Incase of power failure you will need to incorprorate a few items. First would be some syphon breaks on your sump return lines. This will allow air to get into the return lines and break any back syphon. But then you will have to deal with the water thats in the plumbing. Installing one or more one way flap valves should help you there in that they will thru normal operation allow water to flow only one way. When the power goes out the water will try to flow down to the basement and the one way valve will stop it. Incase that fails then you should hav some way of storing the excess water thats in the plumbing. Depending on the distance ths could be just a few gal or it could be several gal.

7 feet is not much head and you should have little problem finding a pump that can put out the GPH that you want at 7' head. Makers of pumps will have charts on the pumps or the box's telling you what they are rated for at a given height. To baffle the water comming from 7' up you might want to introduce some creative plumbing to keep the drain lines from splashing all over the place.

ReefLady has the exact setup your talking about doing. Ill try to attract her attention to this post.

Also you might be better off with two pumps than one megga pump.
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Old 11-24-2003, 11:09 AM   #7
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wet-dry will work fine make sure you have the water diffuser and a a strong lid (so it doesn't splash out).

you can also put a small overflow sump under your tank, or you can put a small hole in your u-tube (if you have one) make sure the hole is below the water line, just a little bit , so if the level goes down it will cause air to go in and stop flow.

HTH

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Old 11-24-2003, 11:38 AM   #8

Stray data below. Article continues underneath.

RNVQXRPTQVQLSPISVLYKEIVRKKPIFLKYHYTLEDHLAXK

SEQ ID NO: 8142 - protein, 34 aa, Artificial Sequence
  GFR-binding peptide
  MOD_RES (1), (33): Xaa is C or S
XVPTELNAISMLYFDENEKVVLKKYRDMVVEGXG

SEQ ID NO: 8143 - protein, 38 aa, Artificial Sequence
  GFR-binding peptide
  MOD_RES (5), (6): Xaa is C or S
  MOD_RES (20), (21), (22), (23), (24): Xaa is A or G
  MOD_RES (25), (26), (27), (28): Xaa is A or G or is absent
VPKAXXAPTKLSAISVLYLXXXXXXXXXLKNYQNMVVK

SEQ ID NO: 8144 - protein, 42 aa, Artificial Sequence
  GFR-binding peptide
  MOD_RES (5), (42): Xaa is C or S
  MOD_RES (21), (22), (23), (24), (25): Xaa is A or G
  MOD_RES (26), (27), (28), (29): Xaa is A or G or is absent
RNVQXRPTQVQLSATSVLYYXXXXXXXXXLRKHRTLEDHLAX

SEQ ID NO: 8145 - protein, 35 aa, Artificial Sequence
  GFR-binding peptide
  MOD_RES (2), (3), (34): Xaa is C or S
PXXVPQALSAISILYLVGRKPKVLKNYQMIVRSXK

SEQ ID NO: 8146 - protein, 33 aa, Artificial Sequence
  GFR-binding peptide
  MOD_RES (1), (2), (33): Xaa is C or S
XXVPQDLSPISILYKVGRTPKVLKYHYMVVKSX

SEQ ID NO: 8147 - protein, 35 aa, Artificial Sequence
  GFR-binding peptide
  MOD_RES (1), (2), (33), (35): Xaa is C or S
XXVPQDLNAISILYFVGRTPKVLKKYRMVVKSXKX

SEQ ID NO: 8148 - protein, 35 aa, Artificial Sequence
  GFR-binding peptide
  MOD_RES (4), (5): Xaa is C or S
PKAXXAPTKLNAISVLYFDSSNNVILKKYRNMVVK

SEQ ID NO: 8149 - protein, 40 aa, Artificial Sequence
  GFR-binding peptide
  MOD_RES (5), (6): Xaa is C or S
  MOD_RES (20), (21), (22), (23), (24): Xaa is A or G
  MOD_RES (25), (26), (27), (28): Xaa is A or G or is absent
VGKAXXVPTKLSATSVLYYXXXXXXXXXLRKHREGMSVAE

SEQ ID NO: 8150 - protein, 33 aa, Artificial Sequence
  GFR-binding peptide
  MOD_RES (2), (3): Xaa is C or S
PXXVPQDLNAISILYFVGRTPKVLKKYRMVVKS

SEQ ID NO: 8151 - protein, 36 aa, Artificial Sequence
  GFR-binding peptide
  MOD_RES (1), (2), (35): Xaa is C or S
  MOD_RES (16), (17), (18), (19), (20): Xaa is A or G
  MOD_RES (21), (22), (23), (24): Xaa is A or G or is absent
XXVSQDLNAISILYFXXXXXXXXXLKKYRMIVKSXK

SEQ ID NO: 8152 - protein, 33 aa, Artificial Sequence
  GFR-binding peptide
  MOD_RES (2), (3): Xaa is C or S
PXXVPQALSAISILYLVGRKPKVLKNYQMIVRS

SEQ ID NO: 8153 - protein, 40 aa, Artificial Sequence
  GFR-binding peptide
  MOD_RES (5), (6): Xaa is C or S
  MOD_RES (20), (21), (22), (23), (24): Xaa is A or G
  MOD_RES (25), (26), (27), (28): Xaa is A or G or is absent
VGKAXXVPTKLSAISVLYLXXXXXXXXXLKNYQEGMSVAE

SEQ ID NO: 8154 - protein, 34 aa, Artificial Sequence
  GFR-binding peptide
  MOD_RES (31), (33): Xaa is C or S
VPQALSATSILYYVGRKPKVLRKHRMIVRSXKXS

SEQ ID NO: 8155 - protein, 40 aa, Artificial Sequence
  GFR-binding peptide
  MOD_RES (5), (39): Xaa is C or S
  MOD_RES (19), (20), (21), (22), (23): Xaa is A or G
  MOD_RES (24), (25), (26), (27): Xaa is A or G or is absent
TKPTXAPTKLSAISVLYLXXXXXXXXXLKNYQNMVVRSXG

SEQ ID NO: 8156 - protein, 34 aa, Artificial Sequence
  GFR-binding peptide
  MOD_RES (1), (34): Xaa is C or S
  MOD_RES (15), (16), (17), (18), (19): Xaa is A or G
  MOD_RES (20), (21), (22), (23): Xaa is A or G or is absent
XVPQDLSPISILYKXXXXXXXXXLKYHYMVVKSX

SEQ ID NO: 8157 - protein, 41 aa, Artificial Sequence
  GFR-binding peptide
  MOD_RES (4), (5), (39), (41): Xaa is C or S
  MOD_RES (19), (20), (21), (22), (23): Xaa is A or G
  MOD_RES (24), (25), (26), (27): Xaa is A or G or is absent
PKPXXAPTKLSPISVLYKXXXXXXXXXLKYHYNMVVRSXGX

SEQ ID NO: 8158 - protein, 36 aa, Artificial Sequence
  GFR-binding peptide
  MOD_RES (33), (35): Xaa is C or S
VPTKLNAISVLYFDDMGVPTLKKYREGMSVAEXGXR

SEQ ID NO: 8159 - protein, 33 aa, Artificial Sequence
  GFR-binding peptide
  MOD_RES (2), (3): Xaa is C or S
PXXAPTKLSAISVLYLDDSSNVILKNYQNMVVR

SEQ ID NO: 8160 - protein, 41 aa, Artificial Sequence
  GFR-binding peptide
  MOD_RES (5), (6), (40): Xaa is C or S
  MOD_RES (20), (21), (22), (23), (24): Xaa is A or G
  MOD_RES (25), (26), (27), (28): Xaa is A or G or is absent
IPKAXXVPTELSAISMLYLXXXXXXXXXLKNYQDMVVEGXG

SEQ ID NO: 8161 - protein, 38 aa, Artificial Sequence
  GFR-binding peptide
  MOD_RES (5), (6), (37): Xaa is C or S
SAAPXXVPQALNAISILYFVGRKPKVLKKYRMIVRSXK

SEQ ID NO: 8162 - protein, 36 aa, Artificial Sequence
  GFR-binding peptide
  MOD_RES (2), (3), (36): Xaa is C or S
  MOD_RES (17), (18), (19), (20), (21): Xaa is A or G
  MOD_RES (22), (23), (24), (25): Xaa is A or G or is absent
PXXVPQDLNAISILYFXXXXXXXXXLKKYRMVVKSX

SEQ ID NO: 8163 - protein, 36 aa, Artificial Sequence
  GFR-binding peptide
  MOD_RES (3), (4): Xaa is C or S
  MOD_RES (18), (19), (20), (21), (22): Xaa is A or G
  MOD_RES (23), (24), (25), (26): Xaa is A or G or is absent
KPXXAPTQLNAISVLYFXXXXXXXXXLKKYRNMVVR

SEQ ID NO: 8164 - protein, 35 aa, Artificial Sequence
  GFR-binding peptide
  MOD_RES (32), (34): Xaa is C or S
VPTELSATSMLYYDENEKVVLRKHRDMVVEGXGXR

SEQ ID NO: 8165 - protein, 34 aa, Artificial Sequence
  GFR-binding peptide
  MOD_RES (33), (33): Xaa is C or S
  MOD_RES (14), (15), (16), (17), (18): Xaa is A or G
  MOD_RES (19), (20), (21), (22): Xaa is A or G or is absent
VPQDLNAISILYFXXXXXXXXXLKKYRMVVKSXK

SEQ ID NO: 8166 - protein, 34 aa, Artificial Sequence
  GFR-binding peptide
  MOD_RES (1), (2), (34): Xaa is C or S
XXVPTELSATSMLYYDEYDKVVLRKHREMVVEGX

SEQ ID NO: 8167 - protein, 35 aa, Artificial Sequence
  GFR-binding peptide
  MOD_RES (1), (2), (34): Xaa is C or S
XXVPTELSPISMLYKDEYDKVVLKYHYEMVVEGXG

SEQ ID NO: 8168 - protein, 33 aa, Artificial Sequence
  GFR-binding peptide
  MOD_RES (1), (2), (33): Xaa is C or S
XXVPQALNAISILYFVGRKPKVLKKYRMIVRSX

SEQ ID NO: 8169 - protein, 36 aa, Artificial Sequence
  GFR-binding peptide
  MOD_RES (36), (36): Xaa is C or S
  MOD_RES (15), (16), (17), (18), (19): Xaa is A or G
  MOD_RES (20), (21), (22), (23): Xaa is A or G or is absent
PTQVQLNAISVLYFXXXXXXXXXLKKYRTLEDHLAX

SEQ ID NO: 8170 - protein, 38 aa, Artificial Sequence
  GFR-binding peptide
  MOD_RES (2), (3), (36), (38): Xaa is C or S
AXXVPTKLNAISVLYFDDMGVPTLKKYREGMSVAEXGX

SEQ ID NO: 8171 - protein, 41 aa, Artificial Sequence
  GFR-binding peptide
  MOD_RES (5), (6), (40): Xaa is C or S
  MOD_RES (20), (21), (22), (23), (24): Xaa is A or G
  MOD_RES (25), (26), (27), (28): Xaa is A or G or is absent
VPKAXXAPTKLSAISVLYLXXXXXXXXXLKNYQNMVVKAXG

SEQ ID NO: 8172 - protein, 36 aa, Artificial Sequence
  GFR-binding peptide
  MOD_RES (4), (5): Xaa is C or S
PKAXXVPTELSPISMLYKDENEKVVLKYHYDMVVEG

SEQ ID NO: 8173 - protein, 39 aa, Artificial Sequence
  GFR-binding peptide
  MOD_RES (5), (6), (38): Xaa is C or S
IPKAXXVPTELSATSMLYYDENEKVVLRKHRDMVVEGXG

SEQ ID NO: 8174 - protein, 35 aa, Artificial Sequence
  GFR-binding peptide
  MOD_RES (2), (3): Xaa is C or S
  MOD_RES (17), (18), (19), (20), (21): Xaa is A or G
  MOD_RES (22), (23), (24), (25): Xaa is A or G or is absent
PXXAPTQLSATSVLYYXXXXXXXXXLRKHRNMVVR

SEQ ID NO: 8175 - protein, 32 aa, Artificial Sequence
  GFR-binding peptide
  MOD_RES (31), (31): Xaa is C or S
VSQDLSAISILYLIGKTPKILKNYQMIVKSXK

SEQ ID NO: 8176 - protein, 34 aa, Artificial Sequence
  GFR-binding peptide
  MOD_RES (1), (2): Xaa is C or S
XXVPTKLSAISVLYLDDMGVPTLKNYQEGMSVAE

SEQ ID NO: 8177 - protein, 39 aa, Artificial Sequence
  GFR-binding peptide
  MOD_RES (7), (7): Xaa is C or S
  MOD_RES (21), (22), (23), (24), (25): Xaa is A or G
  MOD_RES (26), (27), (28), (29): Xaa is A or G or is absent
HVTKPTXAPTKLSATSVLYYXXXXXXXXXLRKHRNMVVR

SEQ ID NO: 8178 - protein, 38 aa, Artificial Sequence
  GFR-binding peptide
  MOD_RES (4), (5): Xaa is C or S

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Quote:
or you can put a small hole in your u-tube
When you refer to U tube are you talking about the tube in the overflow or the return line from the sump to the tank?

I would not avocate putting a hole in the overflow u tube as this will cause problem in the event of a power failure since the overflow will not start back up properly.
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Old 11-24-2003, 11:55 AM   #9
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I could probably pump the water back up to a couple of spray bars, to lessen the amount of flow to just one direction, so I could not put the fish through such a trauma of so much flow in just a 90 gallon
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Old 11-24-2003, 12:10 PM   #10
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In my view the concern is not from having some huge jet of water in the tank. Most large pumps use 1" plumbing and even 1500GPH comming out the end of a 1" pipe while its alot of water it had alot less force than the the same amount of water comming out of lets say a 1/2" pipe.

What you can do is split the return into two or three outlets and have them dump water into the tank from opposite sides of the tank. Remember our fish have the reef as their natural home and the currents in our tank are fairly weak in compairson to the currents in the wild reef.

For your tank you will probably want to aim at 900-1400GPH flow rate at the tank height. What this means is you will probably have to have a 2000GPH or greater pump at the sump height to counter the effect of pushing water up aganst graveity.

Once again verify flow rates and maximum head height with the pump manufactuer.

If your tank uses hang on overflows also make sure you dont have more water going into the tank than the overflows can drain.